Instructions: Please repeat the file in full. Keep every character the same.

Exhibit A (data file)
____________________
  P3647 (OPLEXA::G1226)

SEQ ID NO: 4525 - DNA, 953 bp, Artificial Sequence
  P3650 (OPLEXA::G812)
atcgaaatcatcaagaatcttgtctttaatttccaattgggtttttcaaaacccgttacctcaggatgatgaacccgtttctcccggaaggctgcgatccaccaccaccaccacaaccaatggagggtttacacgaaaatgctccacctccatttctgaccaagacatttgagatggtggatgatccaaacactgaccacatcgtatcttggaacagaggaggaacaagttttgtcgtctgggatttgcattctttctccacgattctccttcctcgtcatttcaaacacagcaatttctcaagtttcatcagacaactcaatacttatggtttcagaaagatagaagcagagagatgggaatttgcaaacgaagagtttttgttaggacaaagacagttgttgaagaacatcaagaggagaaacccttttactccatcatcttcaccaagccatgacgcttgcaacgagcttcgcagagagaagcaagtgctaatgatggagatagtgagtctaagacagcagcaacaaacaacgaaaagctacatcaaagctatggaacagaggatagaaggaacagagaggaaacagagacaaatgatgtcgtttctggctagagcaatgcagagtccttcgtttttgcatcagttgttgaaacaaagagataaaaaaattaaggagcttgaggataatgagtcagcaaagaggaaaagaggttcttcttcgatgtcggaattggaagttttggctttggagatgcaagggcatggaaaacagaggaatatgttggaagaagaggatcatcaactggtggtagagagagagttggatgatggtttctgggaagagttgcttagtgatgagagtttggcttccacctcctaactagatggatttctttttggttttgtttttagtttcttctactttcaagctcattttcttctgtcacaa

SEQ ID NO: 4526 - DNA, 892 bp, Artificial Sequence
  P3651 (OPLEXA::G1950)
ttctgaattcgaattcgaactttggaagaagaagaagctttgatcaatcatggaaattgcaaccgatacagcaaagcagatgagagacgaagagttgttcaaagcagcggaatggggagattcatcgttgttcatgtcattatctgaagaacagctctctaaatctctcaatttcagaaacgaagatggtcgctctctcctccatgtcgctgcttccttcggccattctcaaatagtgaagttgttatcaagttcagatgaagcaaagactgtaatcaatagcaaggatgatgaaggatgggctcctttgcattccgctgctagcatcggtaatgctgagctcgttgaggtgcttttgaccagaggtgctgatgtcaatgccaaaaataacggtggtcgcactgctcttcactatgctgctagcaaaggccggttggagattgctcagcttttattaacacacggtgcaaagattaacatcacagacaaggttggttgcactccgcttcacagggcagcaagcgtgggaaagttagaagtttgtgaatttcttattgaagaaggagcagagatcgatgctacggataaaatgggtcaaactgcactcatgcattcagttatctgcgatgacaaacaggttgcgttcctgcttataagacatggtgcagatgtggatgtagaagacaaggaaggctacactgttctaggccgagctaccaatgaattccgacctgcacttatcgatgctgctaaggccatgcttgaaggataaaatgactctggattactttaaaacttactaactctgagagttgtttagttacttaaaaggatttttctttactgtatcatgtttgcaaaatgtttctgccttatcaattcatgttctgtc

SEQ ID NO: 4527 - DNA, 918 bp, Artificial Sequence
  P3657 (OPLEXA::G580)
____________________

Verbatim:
  P3647 (OPLEXA::G1226)

SEQ ID NO: 4525 - DNA, 953 bp, Artificial Sequence
  P3650 (OPLEXA::G812)
atcgaaatcatcaagaatcttgtctttaatttccaattgggtttttcaaaacccgttacctcaggatgatgaacccgtttctcccggaaggctgcgatccaccaccaccaccacaaccaatggagggtttacacgaaaatgctccacctccatttctgaccaagacatttgagatggtggatgatccaaacactgaccacatcgtatcttggaacagaggaggaacaagttttgtcgtctgggatttgcattctttctccacgattctccttcctcgtcatttcaaacacagcaatttctcaagtttcatcagacaactcaatacttatggtttcagaaagatagaagcagagagatgggaatttgcaaacgaagagtttttgttaggacaaagacagttgttgaagaacatcaagaggagaaacccttttactccatcatcttcaccaagccatgacgcttgcaacgagcttcgcagagagaagcaagtgctaatgatggagatagtgagtctaagacagcagcaacaaacaacgaaaagctacatcaaagctatggaacagaggatagaaggaacagagaggaaacagagacaaatgatgtcgtttctggctagagcaatgcagagtccttcgtttttgcatcagttgttgaaacaaagagataaaaaaattaaggagcttgaggataatgagtcagcaaagaggaaaagaggttcttcttcgatgtcggaattggaagttttggctttggagatgcaagggcatggaaaacagaggaatatgttggaagaagaggatcatcaactggtggtagagagagagttggatgatggtttctgggaagagttgcttagtgatgagagtttggcttccacctcctaactagatggatttctttttggttttgtttttagtttcttctactttcaagctcattttcttctgtcacaa

SEQ ID NO: 4526 - DNA, 892 bp, Artificial Sequence
  P3651 (OPLEXA::G1950)
ttctgaattcgaattcgaactttggaagaagaagaagctttgatcaatcatggaaattgcaaccgatacagcaaagcagatgagagacgaagagttgttcaaagcagcggaatggggagattcatcgttgttcatgtcattatctgaagaacagctctctaaatctctcaatttcagaaacgaagatggtcgctctctcctccatgtcgctgcttccttcggccattctcaaatagtgaagttgttatcaagttcagatgaagcaaagactgtaatcaatagcaaggatgatgaaggatgggctcctttgcattccgctgctagcatcggtaatgctgagctcgttgaggtgcttttgaccagaggtgctgatgtcaatgccaaaaataacggtggtcgcactgctcttcactatgctgctagcaaaggccggttggagattgctcagcttttattaacacacggtgcaaagattaacatcacagacaaggttggttgcactccgcttcacagggcagcaagcgtgggaaagttagaagtttgtgaatttcttattgaagaaggagcagagatcgatgctacggataaaatgggtcaaactgcactcatgcattcagttatctgcgatgacaaacaggttgcgttcctgcttataagacatggtgcagatgtggatgtagaagacaaggaaggctacactgttctaggccgagctaccaatgaattccgacctgcacttatcgatgctgctaaggccatgcttgaaggataaaatgactctggattactttaaaacttactaactctgagagttgtttagttacttaaaaggatttttctttactgtatcatgtttgcaaaatgtttctgccttatcaattcatgttctgtc

SEQ ID NO: 4527 - DNA, 918 bp, Artificial Sequence
  P3657 (OPLEXA::G580)